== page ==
“The problem is many ports still rely on antiquated systems,” Herpich says. “But if we can overlay some new technology, and get that information into our legacy systems, we can still improve the process that causes congestion like we saw in 2020 and 2021.” A clear rst step is to tech-enable drayage carriers through a transportation management system like the one PortPro offers. “Seventy-ve percent of drayage carriers use spreadsheets, so the rst thing we need to do is introduce software that allows them to automate manual and tedious tasks, such as tracking containers, creating rates, dispatching and paying drivers, and managing documents,” Mecca says. Similarly, new tech solutions are focused on providing the real-time drayage visibility that is often lacking, such as through the kind of chassis GPS tracking that TQL offers. “GPS devices are generally great tools that have helped improve many aspects of logistics,” Byrne says. “Beyond real- time location, GPS can also provide compliance and safety information based on data such as speed and impact.” WIHFUL THINKING Integrating technology at ports is a difcult prospect. Each port manages data differently, meaning providers must adapt to the individual port’s approach. “It’d be wishful thinking to think we can all get on one system together,” Herpich says. Drayage simply has characteristics that make adapting comprehensive tech solutions challenging. “From a big picture perspective, some efciency aspects of drayage could benet from technology,” Byrne says. “This hasn’t happened in a material way yet because there are typically about ve parties involved in one drayage move: shipper, drayage carrier, freight forwarder, steamship line, and port. True integration would require all to make a sizable technology investment.” Drayage seems poised to benet from overall growth in port infrastructure
Some third-party providers oer import and export drayage transportation solutions for containerized cargo arriving to or departing from U.S. ports.
“Drivers are such an important part of what makes drayage companies run,” Mecca says. “But autonomous functionality and features inside vehicles that allow a more comfortable driver experience and increase efciency is important and many companies are working to innovate on it. “As more autonomous vehicles hit the road, becoming a truck driver will be more attractive,” he adds. Drayage efciency depends on other components in the intricately interconnected supply chain. For instance, labor challenges could mean that warehouses will not always be open to receive containers. The result is that drayage efciency gains at the port could be lost at that link in the chain. Although the market has cooled considerably in 2023, drayage today is more widely viewed as a critical component of the supply chain. That is leading to promising efforts to improve the eld from a cost and service perspective. “More companies are diving into their full supply chains and paying more attention to drayage,” Herpich says. “Where in the past a lot of companies looked mostly at full truckload or less- than-truckload shipments, and bypassed the domestic drayage part, they’re not any longer.” n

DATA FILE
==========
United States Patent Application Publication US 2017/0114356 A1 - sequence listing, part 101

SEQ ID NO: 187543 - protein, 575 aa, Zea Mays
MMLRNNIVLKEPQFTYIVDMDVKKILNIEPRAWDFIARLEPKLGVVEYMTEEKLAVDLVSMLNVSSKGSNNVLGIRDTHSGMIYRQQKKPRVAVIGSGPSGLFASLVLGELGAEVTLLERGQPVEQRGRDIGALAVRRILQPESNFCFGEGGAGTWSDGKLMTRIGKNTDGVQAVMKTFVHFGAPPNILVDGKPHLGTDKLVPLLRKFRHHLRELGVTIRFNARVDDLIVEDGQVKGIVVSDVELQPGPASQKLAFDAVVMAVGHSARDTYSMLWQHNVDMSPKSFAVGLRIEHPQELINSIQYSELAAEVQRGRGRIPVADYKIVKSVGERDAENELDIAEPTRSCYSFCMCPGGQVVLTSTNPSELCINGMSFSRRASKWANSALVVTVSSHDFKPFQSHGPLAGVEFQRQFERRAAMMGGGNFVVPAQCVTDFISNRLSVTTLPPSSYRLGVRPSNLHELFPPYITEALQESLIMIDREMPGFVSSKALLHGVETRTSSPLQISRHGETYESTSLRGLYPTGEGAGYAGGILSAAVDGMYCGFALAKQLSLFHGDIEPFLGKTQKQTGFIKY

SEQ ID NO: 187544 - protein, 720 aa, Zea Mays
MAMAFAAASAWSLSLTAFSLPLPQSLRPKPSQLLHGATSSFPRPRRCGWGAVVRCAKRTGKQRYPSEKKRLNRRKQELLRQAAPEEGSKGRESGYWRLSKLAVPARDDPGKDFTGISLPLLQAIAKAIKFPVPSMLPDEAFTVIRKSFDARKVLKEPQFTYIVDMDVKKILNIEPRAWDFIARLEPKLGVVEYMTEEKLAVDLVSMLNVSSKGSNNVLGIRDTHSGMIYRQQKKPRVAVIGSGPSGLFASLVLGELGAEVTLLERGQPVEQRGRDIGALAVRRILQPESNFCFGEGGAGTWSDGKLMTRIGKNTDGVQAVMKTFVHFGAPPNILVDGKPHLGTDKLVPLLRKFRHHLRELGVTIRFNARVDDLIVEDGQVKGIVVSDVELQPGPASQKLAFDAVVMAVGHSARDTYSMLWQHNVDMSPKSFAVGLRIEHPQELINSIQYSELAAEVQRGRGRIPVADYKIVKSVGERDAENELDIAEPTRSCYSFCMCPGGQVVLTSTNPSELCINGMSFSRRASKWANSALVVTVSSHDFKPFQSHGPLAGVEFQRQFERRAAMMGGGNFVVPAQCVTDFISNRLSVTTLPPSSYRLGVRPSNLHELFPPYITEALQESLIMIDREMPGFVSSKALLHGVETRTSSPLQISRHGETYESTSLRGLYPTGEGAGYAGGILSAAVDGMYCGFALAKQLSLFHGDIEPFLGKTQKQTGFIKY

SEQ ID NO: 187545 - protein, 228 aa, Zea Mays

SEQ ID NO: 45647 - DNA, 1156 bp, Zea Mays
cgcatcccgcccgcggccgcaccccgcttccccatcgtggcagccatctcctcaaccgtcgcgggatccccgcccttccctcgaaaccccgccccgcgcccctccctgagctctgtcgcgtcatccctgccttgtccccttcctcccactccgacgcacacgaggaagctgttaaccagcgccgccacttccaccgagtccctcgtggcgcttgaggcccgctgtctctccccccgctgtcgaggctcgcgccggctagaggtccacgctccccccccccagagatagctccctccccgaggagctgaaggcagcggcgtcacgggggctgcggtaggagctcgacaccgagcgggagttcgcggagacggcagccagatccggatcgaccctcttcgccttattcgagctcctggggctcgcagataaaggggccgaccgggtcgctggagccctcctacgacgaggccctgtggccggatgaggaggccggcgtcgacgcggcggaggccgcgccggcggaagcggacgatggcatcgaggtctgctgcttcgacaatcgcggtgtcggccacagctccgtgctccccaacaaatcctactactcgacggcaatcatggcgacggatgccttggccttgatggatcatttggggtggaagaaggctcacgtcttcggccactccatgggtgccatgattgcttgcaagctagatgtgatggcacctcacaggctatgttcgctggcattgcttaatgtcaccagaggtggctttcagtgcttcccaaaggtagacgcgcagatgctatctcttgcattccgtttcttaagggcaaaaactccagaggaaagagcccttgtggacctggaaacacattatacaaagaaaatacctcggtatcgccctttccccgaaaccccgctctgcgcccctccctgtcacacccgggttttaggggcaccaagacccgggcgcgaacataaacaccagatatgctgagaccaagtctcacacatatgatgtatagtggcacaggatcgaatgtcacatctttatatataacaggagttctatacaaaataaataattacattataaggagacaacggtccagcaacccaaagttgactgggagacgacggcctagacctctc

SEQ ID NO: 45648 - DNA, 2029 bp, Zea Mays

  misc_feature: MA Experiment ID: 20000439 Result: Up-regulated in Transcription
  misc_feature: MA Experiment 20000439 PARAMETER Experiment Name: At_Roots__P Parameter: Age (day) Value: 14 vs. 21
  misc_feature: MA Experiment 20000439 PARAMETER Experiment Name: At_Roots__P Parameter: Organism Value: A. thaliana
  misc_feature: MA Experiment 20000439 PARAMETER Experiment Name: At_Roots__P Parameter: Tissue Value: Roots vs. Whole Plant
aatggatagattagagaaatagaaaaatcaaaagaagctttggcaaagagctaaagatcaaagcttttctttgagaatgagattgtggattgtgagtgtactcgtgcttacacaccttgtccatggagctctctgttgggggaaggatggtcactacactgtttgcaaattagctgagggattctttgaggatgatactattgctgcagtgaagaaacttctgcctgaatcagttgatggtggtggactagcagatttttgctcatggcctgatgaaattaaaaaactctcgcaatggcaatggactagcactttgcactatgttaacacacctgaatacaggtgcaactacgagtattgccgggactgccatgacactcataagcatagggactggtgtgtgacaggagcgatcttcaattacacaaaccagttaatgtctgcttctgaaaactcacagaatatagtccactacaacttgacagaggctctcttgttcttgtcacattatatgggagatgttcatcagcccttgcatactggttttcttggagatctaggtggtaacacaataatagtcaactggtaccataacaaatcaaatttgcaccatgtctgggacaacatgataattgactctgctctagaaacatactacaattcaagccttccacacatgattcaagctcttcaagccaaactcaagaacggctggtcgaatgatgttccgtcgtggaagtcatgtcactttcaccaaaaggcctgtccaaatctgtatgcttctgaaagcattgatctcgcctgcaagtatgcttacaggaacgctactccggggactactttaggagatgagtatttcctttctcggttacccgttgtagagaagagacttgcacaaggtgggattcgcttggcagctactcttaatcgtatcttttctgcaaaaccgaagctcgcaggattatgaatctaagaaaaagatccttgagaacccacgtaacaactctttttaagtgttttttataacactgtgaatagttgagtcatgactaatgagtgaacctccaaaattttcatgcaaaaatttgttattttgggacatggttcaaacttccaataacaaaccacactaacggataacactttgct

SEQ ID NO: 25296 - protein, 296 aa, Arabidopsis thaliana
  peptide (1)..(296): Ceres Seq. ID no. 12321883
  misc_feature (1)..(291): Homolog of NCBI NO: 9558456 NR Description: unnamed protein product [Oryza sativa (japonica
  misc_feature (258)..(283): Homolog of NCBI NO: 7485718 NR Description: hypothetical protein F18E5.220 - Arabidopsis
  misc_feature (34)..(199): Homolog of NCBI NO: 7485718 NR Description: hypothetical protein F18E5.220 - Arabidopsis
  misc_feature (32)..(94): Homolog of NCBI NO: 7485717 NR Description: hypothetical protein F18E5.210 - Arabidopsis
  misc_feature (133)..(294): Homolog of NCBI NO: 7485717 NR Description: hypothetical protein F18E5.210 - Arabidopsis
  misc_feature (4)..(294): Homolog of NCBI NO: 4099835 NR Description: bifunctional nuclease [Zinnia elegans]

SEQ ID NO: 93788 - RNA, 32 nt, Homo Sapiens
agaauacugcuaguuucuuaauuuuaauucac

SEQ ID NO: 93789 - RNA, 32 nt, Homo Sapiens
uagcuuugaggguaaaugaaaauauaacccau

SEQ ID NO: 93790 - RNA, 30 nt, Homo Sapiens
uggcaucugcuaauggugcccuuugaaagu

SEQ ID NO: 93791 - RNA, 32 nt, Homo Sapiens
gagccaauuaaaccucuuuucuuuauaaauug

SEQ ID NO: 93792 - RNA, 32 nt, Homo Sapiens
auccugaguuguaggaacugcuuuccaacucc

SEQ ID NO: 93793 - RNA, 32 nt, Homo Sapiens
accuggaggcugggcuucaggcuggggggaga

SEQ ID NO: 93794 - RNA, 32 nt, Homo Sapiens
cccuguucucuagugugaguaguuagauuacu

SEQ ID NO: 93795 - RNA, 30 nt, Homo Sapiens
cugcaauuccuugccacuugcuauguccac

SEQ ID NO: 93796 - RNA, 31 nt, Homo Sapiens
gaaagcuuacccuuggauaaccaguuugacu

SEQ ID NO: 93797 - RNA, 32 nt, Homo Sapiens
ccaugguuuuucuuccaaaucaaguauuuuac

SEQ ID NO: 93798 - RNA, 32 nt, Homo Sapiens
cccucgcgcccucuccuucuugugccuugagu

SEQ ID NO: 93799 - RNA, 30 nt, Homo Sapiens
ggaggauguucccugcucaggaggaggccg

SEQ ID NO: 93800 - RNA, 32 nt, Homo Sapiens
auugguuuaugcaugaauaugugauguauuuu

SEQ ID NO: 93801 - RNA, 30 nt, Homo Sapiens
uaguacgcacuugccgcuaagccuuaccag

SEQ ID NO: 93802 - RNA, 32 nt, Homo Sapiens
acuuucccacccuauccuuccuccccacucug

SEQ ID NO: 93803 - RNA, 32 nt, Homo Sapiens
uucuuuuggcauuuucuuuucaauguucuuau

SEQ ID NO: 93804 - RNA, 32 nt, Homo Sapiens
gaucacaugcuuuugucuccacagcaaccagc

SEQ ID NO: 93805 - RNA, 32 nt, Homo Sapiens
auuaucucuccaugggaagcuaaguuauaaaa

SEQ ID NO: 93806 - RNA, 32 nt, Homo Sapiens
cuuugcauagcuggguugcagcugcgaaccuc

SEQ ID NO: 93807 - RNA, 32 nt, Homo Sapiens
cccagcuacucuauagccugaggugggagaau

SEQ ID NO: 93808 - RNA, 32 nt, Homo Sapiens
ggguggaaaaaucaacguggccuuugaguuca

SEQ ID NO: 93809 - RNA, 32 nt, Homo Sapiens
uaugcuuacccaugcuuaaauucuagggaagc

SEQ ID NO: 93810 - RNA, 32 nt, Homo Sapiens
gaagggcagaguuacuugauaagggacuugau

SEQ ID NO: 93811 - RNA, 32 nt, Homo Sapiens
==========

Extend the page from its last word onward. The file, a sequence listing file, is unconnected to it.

investment. “Port infrastructure was at the heart of the supply chain crisis,” Byrne says. “Many ports, from those handling the highest tonnage to more moderate volume, have announced investments to make facilities more efcient, handle higher volumes and operate greener. “Projects include developing land to expand existing port acreage, dredging to allow bigger berths and constructing inland off-dock container support facilities,” he adds. More drayage carriers will adopt sustainable models and green practices, such as through the increased use of electric vehicles (EVs), to pay closer attention to their carbon footprints. “The nature of frequent, local runs could be appealing to EV producers,” Byrne says. “Idling that occurs while trucks wait to load and unload containers and the empty miles they incur bringing containers back to port all seem ripe for procedural or technological intervention.” The rise of automation and its integration into port operations will be a key issue to watch. Drayage often is cited as a eld where autonomous vehicles could one day be a possibility. Mecca says autonomous vehicles will be a part of drayage’s future, though not fully autonomous vehicles.
88 Inbound Logistics • April 2023
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